Waking the Witch (Women of the Otherworld, Book 11)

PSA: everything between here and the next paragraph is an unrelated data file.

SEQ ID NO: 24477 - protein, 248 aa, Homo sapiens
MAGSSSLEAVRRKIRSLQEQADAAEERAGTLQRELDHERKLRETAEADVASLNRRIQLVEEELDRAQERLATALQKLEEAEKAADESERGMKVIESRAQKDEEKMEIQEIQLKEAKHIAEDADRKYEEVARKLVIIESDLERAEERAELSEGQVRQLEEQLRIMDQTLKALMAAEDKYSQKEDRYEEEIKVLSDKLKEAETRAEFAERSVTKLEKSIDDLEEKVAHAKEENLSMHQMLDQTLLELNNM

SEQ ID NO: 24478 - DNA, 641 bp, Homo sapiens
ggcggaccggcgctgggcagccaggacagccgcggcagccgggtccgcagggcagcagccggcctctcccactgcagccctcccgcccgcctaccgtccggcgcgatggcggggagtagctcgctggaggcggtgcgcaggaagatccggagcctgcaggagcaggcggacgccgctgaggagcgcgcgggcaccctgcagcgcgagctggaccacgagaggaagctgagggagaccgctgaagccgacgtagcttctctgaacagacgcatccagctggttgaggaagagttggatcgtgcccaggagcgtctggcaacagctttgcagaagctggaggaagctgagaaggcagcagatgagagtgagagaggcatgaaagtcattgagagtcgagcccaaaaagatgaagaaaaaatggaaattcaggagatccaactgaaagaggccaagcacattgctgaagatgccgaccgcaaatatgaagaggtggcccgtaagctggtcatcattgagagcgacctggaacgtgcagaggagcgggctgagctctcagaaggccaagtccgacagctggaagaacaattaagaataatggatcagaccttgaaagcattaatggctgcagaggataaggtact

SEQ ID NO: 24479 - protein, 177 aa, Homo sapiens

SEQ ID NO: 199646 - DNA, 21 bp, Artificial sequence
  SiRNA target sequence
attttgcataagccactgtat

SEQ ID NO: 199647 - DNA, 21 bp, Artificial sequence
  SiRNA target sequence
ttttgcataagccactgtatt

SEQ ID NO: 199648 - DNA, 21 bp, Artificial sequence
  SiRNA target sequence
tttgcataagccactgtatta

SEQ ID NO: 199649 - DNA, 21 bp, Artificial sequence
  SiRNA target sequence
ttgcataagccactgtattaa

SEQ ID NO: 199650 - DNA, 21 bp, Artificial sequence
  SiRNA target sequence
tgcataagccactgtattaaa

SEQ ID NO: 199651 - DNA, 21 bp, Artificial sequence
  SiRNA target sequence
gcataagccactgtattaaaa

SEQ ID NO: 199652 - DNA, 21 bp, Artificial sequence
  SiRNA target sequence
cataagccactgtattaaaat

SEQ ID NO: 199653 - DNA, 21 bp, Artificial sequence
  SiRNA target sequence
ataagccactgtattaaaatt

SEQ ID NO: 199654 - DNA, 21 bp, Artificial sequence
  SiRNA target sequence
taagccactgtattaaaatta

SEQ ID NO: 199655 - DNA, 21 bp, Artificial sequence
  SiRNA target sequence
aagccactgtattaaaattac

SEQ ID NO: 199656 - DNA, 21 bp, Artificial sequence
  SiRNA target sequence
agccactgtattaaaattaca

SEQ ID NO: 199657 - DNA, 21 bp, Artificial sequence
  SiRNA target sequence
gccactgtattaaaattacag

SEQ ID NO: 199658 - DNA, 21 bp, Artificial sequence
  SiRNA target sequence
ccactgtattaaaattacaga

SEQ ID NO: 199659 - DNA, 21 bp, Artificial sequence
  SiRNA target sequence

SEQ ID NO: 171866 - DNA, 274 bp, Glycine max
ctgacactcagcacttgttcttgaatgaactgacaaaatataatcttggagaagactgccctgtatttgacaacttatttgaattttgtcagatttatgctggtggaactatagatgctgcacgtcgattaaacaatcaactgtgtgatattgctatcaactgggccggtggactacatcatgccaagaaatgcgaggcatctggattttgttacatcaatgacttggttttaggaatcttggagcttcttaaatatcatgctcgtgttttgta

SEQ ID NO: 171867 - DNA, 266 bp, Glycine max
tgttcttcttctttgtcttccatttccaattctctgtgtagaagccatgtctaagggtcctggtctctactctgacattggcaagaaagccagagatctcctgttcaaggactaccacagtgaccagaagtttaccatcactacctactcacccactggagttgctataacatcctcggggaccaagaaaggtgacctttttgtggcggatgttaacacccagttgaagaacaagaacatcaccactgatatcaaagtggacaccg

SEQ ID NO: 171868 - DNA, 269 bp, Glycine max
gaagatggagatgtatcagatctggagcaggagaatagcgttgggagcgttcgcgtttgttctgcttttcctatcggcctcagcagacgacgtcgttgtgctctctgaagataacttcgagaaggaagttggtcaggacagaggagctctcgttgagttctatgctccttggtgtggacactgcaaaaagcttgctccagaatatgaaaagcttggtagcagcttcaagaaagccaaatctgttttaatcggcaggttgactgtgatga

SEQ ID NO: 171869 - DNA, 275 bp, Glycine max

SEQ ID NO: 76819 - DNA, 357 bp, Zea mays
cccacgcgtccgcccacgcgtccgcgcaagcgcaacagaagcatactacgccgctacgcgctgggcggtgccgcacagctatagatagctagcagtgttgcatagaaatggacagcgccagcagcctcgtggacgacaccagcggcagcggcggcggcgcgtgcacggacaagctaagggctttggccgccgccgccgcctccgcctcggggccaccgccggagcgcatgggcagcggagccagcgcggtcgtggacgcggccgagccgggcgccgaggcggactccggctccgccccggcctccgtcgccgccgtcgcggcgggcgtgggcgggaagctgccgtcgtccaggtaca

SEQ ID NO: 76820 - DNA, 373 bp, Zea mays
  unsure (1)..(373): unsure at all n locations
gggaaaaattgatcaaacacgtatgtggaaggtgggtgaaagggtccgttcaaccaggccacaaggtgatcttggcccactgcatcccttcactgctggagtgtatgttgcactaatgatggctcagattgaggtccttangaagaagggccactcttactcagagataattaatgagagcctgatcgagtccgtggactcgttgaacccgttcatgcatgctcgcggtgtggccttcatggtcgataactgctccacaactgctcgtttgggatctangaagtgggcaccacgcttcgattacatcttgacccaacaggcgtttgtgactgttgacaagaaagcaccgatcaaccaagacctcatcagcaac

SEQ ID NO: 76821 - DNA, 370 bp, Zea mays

Waking the Witch (Women of the Otherworld, Book 11) - Kelley Armstrong The Otherworld series shifts protagonists every book – so we get to see this amazing world from several different angles, it’s one of the things I love most about this series. In this case we follow Savannah, the ward of Paige and Lucas, daughter of the witch/half-demon/ghost Eve Lavine and the incredibly influential Sorcerer Kristof Nast. After following her as a child, we see her now aged 21, working for Paige and Lucas’ investigation firm.And while they’re out of town she has a case, her first solo case, eager to prove herself and put into action all the training she’s received, she looks to solve the murders of three young women. But, more, as a witch/sorcerer, she also must keep a look out for an occult connection to the case – always aware of the concern of keeping humanity ignorant of the preternatural.And the case is far from simple –or clear whether the supernatural is involved or not. With so many suspects and so many possibilities – and so many clues leading so many places, it’s hard to keep track – it’s a complicated and knotty tangle to unravel. And Savannah is torn between proving herself and acknowledging she needs back up and support – not just for the case but also to deal with the emotional fallout as bodies start to fall.I really like Savannah as a protagonist –I’ve been looking forward to her taking the reins (especially since the last few books featured Elena and Hope who are far from my favourites). We’ve seen Savannah since she was 12 years old and her ups and downs, problems and now, at 21, she’s a very real, fully fleshed out character – and you can see all those events we’ve followed reflected in the person she is. She isn’t a completely different person, but she isn’t the same either, she has grown and developed along reasonable, understandable lines.And she’s a strong, powerful and extremely confident character. She’s not perfect, she takes risks and is reckless – but I don’t think her recklessness crosses the line into Spunky Agency. She is caustic and sarcastic at times – but never to a degree that is utterly unreasonable and caricature-like. It’s a great balance – and I think it’s a character a lot of authors aim to portray but hardly ever get right.Read More